What Is a Deferred Tax Asset?April 4, 2021
In accounting, a deferred tax asset is a financial asset that has not yet been incurred. In other words, a deferred tax liability has not yet been incurred, but its value will be recognized later. These assets are similar to refundable insurance premiums and rent payments. However, these assets must be recorded in the financial statements. Deferred tax assets also come in the form of carryover losses. A company can carry forward losses to reduce taxable income in future years.
The difference between a company’s book profit and tax profit is a deferred tax asset. This asset is created by recording the difference between a company’s book profit and its tax profit. This difference in tax payments will be recorded in the next tax filing period. However, a company cannot use a deferred tax asset for past tax filings. To calculate the amount of a deferred tax asset, look for a company’s deferred tax assets.
A deferred tax asset can also be created by temporary differences in accounting. If a company carries forward unused tax losses, it can generate a deferred tax asset. The difference between a company’s book income and taxable income is a deferred tax asset. This asset is recognized as an asset on the balance sheet. It can also be the result of overpaying taxes in a given period and differing accounting rules.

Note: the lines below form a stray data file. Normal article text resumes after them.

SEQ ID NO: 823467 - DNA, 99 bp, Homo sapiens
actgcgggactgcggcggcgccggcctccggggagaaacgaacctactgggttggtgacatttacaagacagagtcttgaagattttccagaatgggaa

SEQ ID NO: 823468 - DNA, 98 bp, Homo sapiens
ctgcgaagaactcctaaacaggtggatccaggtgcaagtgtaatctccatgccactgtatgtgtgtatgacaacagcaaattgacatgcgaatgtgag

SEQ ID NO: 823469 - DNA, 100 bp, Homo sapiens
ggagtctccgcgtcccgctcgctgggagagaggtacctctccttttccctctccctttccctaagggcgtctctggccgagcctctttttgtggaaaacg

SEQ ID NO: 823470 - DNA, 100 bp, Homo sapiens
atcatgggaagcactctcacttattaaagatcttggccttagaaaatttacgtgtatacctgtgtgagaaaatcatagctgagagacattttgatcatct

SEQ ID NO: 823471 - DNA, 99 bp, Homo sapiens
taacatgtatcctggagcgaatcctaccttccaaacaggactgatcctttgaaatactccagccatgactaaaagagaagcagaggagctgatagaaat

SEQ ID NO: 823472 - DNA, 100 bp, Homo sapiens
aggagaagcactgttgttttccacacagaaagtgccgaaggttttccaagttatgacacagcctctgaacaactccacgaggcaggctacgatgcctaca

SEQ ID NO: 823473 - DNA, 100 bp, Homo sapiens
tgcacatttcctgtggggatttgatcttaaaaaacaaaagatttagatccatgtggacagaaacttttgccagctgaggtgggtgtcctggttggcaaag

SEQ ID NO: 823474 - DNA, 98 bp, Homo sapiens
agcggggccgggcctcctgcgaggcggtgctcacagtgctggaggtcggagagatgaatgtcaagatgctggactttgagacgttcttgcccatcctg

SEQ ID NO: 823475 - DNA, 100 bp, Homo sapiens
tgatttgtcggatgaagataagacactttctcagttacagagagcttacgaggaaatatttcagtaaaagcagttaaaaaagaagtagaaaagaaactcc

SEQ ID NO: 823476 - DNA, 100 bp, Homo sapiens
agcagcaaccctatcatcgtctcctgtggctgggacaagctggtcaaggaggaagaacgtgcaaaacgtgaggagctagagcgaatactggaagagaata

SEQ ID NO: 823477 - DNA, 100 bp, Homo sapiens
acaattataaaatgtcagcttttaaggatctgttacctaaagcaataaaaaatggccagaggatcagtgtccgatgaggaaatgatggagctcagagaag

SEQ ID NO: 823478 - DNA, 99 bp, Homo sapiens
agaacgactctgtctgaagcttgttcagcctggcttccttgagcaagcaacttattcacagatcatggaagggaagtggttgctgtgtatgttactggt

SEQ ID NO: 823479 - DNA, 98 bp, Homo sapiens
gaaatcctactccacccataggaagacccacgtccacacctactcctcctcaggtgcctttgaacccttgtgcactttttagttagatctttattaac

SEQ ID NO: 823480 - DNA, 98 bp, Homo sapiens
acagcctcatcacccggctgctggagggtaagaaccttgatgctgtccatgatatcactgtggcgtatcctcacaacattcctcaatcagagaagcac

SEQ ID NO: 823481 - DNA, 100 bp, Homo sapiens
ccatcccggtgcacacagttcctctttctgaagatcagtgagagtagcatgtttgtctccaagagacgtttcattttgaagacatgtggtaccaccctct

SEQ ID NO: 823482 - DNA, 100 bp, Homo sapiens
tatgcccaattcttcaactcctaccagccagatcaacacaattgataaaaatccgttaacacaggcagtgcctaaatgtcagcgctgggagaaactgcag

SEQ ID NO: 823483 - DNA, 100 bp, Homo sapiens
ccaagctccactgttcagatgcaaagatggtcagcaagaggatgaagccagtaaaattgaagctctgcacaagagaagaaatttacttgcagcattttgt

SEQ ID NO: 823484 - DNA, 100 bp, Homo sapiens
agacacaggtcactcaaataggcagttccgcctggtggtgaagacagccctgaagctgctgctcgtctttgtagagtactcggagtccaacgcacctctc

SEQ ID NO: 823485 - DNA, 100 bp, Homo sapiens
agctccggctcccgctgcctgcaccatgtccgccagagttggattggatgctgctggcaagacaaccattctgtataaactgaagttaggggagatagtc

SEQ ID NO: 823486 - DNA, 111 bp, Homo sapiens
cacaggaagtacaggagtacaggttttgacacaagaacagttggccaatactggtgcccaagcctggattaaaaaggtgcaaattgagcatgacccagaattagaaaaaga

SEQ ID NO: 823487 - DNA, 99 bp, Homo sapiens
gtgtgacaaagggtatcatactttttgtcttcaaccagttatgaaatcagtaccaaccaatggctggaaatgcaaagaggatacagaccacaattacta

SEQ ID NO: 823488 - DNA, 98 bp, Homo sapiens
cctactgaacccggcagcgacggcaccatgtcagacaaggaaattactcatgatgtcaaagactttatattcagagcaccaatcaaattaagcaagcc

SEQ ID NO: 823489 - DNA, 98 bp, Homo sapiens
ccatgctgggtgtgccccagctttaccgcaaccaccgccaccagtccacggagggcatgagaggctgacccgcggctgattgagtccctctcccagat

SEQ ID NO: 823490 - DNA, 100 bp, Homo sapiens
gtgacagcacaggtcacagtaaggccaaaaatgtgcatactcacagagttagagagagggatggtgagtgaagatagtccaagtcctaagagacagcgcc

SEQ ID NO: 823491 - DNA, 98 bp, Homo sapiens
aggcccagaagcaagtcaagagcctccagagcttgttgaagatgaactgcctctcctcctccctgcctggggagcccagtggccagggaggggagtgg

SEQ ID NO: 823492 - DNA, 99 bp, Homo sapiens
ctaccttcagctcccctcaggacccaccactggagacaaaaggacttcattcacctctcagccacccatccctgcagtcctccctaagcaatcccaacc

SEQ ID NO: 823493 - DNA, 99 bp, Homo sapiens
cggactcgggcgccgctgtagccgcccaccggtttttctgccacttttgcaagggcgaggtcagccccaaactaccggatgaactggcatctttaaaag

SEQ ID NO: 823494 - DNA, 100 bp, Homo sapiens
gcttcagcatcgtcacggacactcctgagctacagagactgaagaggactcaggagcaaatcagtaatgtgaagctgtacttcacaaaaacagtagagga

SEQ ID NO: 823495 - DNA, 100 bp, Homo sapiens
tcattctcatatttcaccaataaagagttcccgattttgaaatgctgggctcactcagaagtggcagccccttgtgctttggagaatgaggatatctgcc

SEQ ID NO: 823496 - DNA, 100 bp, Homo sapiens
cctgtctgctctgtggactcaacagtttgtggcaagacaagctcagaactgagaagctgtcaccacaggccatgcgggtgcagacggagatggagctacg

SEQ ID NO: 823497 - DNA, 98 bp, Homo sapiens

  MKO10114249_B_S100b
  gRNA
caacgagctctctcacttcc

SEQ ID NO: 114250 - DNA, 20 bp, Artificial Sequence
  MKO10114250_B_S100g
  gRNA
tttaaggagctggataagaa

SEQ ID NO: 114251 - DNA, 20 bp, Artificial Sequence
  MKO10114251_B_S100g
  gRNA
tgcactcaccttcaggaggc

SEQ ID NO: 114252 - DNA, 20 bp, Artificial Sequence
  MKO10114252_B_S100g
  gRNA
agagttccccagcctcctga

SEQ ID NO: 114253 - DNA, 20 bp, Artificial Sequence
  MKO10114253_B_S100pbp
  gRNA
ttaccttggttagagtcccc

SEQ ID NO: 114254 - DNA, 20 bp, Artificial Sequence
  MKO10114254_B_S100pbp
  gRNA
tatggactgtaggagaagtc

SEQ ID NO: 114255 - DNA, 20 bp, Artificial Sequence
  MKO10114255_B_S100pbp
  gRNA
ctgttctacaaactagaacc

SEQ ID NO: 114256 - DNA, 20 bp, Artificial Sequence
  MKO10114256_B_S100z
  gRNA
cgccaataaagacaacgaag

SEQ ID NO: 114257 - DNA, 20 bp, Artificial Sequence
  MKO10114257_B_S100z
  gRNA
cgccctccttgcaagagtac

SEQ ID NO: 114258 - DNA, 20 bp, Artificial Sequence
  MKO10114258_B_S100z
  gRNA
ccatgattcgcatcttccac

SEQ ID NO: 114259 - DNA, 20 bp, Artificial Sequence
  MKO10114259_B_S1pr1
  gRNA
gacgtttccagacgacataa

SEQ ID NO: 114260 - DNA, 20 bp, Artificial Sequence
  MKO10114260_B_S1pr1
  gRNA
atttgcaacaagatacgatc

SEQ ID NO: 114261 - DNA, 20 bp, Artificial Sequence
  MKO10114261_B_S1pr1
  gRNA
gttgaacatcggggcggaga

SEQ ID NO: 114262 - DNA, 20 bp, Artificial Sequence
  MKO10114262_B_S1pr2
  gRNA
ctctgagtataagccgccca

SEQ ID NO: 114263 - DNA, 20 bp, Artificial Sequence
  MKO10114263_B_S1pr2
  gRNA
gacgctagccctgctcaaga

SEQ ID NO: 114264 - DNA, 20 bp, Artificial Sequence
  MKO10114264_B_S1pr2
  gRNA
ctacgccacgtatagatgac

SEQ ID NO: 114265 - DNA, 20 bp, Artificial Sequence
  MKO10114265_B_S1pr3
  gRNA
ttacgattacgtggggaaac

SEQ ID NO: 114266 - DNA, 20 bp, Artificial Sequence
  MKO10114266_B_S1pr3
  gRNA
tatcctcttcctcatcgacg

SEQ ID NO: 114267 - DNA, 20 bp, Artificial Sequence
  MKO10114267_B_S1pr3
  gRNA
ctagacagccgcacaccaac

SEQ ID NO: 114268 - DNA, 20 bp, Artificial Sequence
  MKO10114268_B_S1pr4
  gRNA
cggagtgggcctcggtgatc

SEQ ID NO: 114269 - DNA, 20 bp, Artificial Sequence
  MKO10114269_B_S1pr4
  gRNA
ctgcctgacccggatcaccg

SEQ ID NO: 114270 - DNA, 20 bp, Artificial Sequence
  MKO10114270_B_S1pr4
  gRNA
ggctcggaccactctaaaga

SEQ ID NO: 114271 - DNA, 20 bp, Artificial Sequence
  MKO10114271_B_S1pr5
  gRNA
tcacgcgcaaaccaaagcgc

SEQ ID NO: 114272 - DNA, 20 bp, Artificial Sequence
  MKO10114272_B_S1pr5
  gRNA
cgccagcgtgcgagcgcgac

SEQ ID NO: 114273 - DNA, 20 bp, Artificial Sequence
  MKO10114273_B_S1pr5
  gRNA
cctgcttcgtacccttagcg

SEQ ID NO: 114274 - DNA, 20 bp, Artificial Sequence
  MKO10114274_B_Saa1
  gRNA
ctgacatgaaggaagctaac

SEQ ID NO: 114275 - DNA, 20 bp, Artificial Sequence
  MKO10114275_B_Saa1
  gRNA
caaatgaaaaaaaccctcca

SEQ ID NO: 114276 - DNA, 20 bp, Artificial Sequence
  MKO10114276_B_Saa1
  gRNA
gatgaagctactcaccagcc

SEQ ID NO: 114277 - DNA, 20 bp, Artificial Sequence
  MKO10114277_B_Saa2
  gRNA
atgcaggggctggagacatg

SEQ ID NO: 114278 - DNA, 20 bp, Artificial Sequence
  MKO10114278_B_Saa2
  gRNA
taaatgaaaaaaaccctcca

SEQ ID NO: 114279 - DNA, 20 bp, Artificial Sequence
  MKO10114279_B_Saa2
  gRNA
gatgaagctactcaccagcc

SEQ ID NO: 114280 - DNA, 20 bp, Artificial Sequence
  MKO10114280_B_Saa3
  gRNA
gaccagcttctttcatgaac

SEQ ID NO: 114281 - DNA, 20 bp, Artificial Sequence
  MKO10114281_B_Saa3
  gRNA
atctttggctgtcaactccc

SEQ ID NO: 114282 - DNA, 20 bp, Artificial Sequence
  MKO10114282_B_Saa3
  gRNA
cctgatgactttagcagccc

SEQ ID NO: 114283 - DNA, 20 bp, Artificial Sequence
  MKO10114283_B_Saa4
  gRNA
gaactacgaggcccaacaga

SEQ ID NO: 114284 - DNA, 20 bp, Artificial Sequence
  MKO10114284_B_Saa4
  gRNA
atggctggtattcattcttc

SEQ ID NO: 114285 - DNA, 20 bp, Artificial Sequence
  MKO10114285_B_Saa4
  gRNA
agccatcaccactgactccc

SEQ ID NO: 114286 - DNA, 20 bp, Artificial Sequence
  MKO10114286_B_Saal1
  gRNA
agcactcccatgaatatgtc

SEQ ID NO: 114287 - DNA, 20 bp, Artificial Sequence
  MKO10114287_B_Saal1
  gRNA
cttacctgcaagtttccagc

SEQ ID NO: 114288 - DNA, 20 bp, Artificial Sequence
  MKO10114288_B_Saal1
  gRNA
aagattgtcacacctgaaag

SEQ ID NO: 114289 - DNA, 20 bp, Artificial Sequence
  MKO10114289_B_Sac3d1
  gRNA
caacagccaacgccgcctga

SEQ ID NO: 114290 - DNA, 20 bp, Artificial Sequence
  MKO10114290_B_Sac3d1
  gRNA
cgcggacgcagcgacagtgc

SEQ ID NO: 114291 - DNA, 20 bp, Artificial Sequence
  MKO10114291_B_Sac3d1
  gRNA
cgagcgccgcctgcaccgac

Another deferred tax asset that is being considered is a company’s core deposit. In this case, the amount of tax paid has increased by $98,000. However, there are some disadvantages to holding deferred tax assets. In addition, a company may be faced with an audit challenge that results in an unexpected valuation allowance or questions about internal controls. Therefore, it’s vital for companies to reassess the usefulness of these assets and assess their current situation.
The creation of a deferred tax asset requires analyzing the difference between GAAP and the tax balance sheet. When comparing future taxable and deductible amounts, a company should use a rate consistent with the enacted rate. The same applies for the valuation allowance. In general, a company needs to recognize deferred tax assets that are less than its book value. It is crucial to avoid ignoring this deferred tax asset if the future income tax rate is higher than the present one.
The current deferred tax liability and deferred tax asset are determined by applying the provisions of FASB Concepts Statement No. 6 in accounting. These assets and liabilities are derived from past events, and they will not be payable to the government until they are recovered. Deferred taxes are measured in this way as if tax returns had been prepared for future years. In aggregate calculations, less detail may be possible. However, this is only an estimation.